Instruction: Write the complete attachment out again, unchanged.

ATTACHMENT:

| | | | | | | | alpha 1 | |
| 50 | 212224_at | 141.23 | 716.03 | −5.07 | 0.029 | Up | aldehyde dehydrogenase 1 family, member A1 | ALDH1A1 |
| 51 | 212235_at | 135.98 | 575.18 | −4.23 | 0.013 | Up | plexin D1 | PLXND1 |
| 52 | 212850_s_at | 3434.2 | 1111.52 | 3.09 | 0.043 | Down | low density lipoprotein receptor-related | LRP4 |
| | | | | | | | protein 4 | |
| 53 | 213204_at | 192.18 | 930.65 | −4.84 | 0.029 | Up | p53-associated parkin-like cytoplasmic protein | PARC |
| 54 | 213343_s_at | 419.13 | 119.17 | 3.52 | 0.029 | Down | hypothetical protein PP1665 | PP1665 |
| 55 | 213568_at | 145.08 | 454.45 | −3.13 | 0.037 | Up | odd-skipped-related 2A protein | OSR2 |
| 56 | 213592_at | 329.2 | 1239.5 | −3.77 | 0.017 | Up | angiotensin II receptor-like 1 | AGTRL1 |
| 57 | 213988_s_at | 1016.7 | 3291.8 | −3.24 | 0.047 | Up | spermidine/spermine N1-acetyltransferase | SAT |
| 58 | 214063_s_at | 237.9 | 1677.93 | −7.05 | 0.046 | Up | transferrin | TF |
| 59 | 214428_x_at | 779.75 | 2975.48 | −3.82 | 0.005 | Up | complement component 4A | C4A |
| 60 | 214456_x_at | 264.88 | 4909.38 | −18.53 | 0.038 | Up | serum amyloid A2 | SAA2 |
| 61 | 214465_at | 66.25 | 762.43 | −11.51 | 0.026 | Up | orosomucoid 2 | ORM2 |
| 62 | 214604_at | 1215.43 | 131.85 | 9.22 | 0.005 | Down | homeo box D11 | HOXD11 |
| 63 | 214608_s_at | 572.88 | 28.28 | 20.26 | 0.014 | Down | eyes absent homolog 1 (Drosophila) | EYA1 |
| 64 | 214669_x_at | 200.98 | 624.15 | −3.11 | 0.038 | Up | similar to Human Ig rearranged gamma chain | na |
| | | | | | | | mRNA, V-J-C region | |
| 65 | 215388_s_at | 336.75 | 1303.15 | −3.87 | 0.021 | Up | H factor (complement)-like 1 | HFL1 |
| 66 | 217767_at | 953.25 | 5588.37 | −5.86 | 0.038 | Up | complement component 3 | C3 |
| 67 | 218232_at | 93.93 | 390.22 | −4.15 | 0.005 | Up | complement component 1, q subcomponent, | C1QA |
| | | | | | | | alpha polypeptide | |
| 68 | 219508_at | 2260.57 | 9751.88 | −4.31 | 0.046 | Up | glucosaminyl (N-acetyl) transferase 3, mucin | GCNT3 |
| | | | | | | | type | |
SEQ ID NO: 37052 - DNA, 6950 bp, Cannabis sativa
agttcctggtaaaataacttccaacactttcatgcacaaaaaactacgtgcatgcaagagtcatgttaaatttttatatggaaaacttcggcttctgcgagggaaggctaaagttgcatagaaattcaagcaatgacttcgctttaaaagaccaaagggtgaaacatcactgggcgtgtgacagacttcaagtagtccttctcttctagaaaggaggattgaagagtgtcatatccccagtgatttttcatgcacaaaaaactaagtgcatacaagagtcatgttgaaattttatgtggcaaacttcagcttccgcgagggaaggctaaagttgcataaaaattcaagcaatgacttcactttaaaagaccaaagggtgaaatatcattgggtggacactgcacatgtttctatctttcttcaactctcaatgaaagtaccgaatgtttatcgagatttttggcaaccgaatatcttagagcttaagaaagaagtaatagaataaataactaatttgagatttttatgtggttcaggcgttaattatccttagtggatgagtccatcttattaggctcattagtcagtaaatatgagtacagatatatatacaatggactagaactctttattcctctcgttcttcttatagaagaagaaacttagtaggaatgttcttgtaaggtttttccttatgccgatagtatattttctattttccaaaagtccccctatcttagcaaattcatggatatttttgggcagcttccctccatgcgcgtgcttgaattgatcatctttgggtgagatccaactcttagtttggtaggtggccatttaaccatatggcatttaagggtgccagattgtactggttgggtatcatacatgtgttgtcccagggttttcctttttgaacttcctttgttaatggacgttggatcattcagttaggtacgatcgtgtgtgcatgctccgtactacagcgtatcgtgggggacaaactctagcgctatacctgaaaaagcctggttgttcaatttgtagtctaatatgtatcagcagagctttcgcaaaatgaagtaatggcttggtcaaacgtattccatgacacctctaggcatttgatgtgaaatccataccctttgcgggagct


| | | | | | | | alpha 1 | |
| 50 | 212224_at | 141.23 | 716.03 | −5.07 | 0.029 | Up | aldehyde dehydrogenase 1 family, member A1 | ALDH1A1 |
| 51 | 212235_at | 135.98 | 575.18 | −4.23 | 0.013 | Up | plexin D1 | PLXND1 |
| 52 | 212850_s_at | 3434.2 | 1111.52 | 3.09 | 0.043 | Down | low density lipoprotein receptor-related | LRP4 |
| | | | | | | | protein 4 | |
| 53 | 213204_at | 192.18 | 930.65 | −4.84 | 0.029 | Up | p53-associated parkin-like cytoplasmic protein | PARC |
| 54 | 213343_s_at | 419.13 | 119.17 | 3.52 | 0.029 | Down | hypothetical protein PP1665 | PP1665 |
| 55 | 213568_at | 145.08 | 454.45 | −3.13 | 0.037 | Up | odd-skipped-related 2A protein | OSR2 |
| 56 | 213592_at | 329.2 | 1239.5 | −3.77 | 0.017 | Up | angiotensin II receptor-like 1 | AGTRL1 |
| 57 | 213988_s_at | 1016.7 | 3291.8 | −3.24 | 0.047 | Up | spermidine/spermine N1-acetyltransferase | SAT |
| 58 | 214063_s_at | 237.9 | 1677.93 | −7.05 | 0.046 | Up | transferrin | TF |
| 59 | 214428_x_at | 779.75 | 2975.48 | −3.82 | 0.005 | Up | complement component 4A | C4A |
| 60 | 214456_x_at | 264.88 | 4909.38 | −18.53 | 0.038 | Up | serum amyloid A2 | SAA2 |
| 61 | 214465_at | 66.25 | 762.43 | −11.51 | 0.026 | Up | orosomucoid 2 | ORM2 |
| 62 | 214604_at | 1215.43 | 131.85 | 9.22 | 0.005 | Down | homeo box D11 | HOXD11 |
| 63 | 214608_s_at | 572.88 | 28.28 | 20.26 | 0.014 | Down | eyes absent homolog 1 (Drosophila) | EYA1 |
| 64 | 214669_x_at | 200.98 | 624.15 | −3.11 | 0.038 | Up | similar to Human Ig rearranged gamma chain | na |
| | | | | | | | mRNA, V-J-C region | |
| 65 | 215388_s_at | 336.75 | 1303.15 | −3.87 | 0.021 | Up | H factor (complement)-like 1 | HFL1 |
| 66 | 217767_at | 953.25 | 5588.37 | −5.86 | 0.038 | Up | complement component 3 | C3 |
| 67 | 218232_at | 93.93 | 390.22 | −4.15 | 0.005 | Up | complement component 1, q subcomponent, | C1QA |
| | | | | | | | alpha polypeptide | |
| 68 | 219508_at | 2260.57 | 9751.88 | −4.31 | 0.046 | Up | glucosaminyl (N-acetyl) transferase 3, mucin | GCNT3 |
| | | | | | | | type | |
SEQ ID NO: 37052 - DNA, 6950 bp, Cannabis sativa
agttcctggtaaaataacttccaacactttcatgcacaaaaaactacgtgcatgcaagagtcatgttaaatttttatatggaaaacttcggcttctgcgagggaaggctaaagttgcatagaaattcaagcaatgacttcgctttaaaagaccaaagggtgaaacatcactgggcgtgtgacagacttcaagtagtccttctcttctagaaaggaggattgaagagtgtcatatccccagtgatttttcatgcacaaaaaactaagtgcatacaagagtcatgttgaaattttatgtggcaaacttcagcttccgcgagggaaggctaaagttgcataaaaattcaagcaatgacttcactttaaaagaccaaagggtgaaatatcattgggtggacactgcacatgtttctatctttcttcaactctcaatgaaagtaccgaatgtttatcgagatttttggcaaccgaatatcttagagcttaagaaagaagtaatagaataaataactaatttgagatttttatgtggttcaggcgttaattatccttagtggatgagtccatcttattaggctcattagtcagtaaatatgagtacagatatatatacaatggactagaactctttattcctctcgttcttcttatagaagaagaaacttagtaggaatgttcttgtaaggtttttccttatgccgatagtatattttctattttccaaaagtccccctatcttagcaaattcatggatatttttgggcagcttccctccatgcgcgtgcttgaattgatcatctttgggtgagatccaactcttagtttggtaggtggccatttaaccatatggcatttaagggtgccagattgtactggttgggtatcatacatgtgttgtcccagggttttcctttttgaacttcctttgttaatggacgttggatcattcagttaggtacgatcgtgtgtgcatgctccgtactacagcgtatcgtgggggacaaactctagcgctatacctgaaaaagcctggttgttcaatttgtagtctaatatgtatcagcagagctttcgcaaaatgaagtaatggcttggtcaaacgtattccatgacacctctaggcatttgatgtgaaatccataccctttgcgggagct